Pro-sex. Pro-porn. Pro-knowing the difference.

Porn is better in community. I’m serious. / LynseyG

Written by Lynsey G for her blog.  Originally published March 3rd, 2015.



“Here’s my thesis: porn is better experienced in community.

Sounds weird, right? Like, ew, like, community? Like, with other people watching, too? Like strangers? Or even worse, with people you know? Like, watching porn with friends? Awkward…

But I’m serious. Really, really freaking serious.

I had a weird weekend, you guys. It involved running around New York City in extremely cold weather, wine, hookahs, brunch, watching a lot of porn with strangers and friends alike at two different film festivals (CineKink and the NYC Porn Film Festival), and basically discussing pornography with a lot of people ranging from consumers to filmmakers to critics to protestors. It ended with me coming home, sick and exhausted, and having to stay home instead of going to a rad porn-festival-after-party… and thinking. A lot.

I don’t want to go into all the specifics. It would be silly to try to break down every statistic that Russell Brand cites in his video, or to transcribe the entire twenty-something minutes of audio I recorded of my argument with revolutionary communist anti-porn protestors outside the NYC Porn Film Festival on Saturday afternoon. I don’t need to explain to you the most fascinating points of my conversations with filmmakers Jennifer Lyon Bell, Morgana Muses, and Traci Traci, or the high points of my delightful brunch talk with Sarah Beall of MakeLoveNotPorn.tv. I don’t need to recount the in-depth debate over wine about a short film at Cinekink, or the bizarrely life-affirming messages that Annie Sprinkle shared with a sold-out crowd while she showed us the subversive vomit porn she made thirty years ago. That would make this long and boring to read (and, in the case of the vomit porn, kinda gross)…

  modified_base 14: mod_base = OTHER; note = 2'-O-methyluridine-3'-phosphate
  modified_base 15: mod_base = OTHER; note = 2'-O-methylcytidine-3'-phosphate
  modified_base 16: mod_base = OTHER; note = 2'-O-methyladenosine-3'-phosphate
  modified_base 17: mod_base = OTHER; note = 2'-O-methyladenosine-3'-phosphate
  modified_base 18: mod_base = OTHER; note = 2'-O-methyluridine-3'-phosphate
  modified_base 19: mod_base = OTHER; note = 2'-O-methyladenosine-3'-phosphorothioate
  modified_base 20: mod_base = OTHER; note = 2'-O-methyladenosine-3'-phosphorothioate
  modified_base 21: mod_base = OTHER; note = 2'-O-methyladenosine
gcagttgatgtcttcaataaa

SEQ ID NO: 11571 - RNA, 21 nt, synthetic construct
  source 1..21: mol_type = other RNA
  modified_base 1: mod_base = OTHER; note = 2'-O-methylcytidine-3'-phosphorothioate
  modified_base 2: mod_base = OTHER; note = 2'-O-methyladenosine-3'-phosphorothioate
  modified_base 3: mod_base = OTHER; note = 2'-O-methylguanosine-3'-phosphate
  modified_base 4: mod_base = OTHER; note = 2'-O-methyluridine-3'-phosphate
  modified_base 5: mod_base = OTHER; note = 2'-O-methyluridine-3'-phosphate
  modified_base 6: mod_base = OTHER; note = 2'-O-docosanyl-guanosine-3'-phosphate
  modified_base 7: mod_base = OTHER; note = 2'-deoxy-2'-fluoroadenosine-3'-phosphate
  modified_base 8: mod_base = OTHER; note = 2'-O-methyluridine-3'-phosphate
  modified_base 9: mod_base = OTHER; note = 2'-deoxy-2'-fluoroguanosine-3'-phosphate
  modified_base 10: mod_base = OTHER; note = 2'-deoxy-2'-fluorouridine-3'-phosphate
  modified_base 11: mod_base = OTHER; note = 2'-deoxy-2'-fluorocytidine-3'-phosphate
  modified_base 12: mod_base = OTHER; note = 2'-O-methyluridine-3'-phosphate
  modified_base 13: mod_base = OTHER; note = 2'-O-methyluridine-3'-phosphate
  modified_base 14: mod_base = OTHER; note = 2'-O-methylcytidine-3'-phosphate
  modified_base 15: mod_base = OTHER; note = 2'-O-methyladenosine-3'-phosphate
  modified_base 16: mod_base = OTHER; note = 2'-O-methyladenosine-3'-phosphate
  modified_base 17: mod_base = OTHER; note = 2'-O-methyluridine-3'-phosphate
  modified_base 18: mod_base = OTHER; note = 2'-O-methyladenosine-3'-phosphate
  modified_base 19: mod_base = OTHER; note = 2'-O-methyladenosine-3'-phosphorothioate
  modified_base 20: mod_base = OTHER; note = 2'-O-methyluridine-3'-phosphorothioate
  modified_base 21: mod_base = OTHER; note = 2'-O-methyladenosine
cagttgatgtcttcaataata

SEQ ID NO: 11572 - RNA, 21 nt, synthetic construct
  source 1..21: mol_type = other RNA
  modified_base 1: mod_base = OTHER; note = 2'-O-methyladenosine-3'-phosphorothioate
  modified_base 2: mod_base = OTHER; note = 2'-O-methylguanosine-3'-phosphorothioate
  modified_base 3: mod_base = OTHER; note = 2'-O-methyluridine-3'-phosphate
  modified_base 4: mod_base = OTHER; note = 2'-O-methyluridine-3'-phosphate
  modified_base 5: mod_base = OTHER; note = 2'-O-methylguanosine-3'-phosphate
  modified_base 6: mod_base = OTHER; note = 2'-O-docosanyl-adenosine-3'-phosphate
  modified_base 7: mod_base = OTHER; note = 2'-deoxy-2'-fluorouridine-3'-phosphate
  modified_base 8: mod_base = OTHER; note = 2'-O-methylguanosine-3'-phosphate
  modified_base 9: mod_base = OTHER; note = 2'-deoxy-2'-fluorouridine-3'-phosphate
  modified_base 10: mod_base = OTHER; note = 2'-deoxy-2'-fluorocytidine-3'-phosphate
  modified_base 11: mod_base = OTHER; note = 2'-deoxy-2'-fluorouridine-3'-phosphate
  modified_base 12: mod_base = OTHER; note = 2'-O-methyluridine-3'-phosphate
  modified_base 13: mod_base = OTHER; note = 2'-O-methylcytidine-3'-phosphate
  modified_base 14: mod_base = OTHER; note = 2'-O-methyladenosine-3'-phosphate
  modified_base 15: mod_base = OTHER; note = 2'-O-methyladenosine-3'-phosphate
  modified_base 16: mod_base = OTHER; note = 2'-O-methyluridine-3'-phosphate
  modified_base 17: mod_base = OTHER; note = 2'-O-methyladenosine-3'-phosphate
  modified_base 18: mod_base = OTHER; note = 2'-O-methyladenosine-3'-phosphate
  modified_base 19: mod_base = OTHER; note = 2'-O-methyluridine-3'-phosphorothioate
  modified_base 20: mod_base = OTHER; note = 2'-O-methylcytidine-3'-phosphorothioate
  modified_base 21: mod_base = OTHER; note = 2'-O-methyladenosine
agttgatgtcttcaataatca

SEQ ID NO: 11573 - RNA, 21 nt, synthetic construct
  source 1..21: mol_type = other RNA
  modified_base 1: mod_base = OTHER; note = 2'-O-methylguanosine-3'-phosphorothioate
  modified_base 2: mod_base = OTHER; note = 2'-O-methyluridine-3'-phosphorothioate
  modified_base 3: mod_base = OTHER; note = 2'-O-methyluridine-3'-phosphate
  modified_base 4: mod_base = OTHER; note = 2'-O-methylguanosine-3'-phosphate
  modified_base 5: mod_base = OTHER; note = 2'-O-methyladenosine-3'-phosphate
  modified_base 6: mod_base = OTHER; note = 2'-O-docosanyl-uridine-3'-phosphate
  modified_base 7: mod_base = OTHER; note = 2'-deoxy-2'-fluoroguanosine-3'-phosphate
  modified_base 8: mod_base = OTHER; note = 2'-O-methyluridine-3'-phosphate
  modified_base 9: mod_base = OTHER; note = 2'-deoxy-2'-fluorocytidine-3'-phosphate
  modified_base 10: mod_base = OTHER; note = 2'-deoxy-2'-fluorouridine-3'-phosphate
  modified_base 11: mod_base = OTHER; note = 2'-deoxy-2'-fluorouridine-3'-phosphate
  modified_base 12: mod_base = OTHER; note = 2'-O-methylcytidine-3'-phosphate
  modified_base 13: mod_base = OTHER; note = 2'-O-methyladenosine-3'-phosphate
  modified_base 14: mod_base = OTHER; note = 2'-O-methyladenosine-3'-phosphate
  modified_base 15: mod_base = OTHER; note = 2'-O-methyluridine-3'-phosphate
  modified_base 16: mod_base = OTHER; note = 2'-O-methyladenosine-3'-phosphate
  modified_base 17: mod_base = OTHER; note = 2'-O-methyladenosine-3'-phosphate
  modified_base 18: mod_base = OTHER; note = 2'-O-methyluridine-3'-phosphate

Anyway, the point is this: porn can hurt us. It really can hijack our brains and cut straight from our eyes to our groins, leaving a trail along our insides. That trail can be one of shame and isolation and fear of discovery, which will wreak havoc. But it can also be a trail of intrigue and analysis that can be shared and enjoyed with other humans. Just like anything else, including the monster under the bed, it’s a lot less scary when the lights come on after the show and there are other people there, smiling and conversing, than it was when you were all alone in the dark.


To read the rest of Lynsey’s thoughts on NYC PFF, check out the rest of her piece here.

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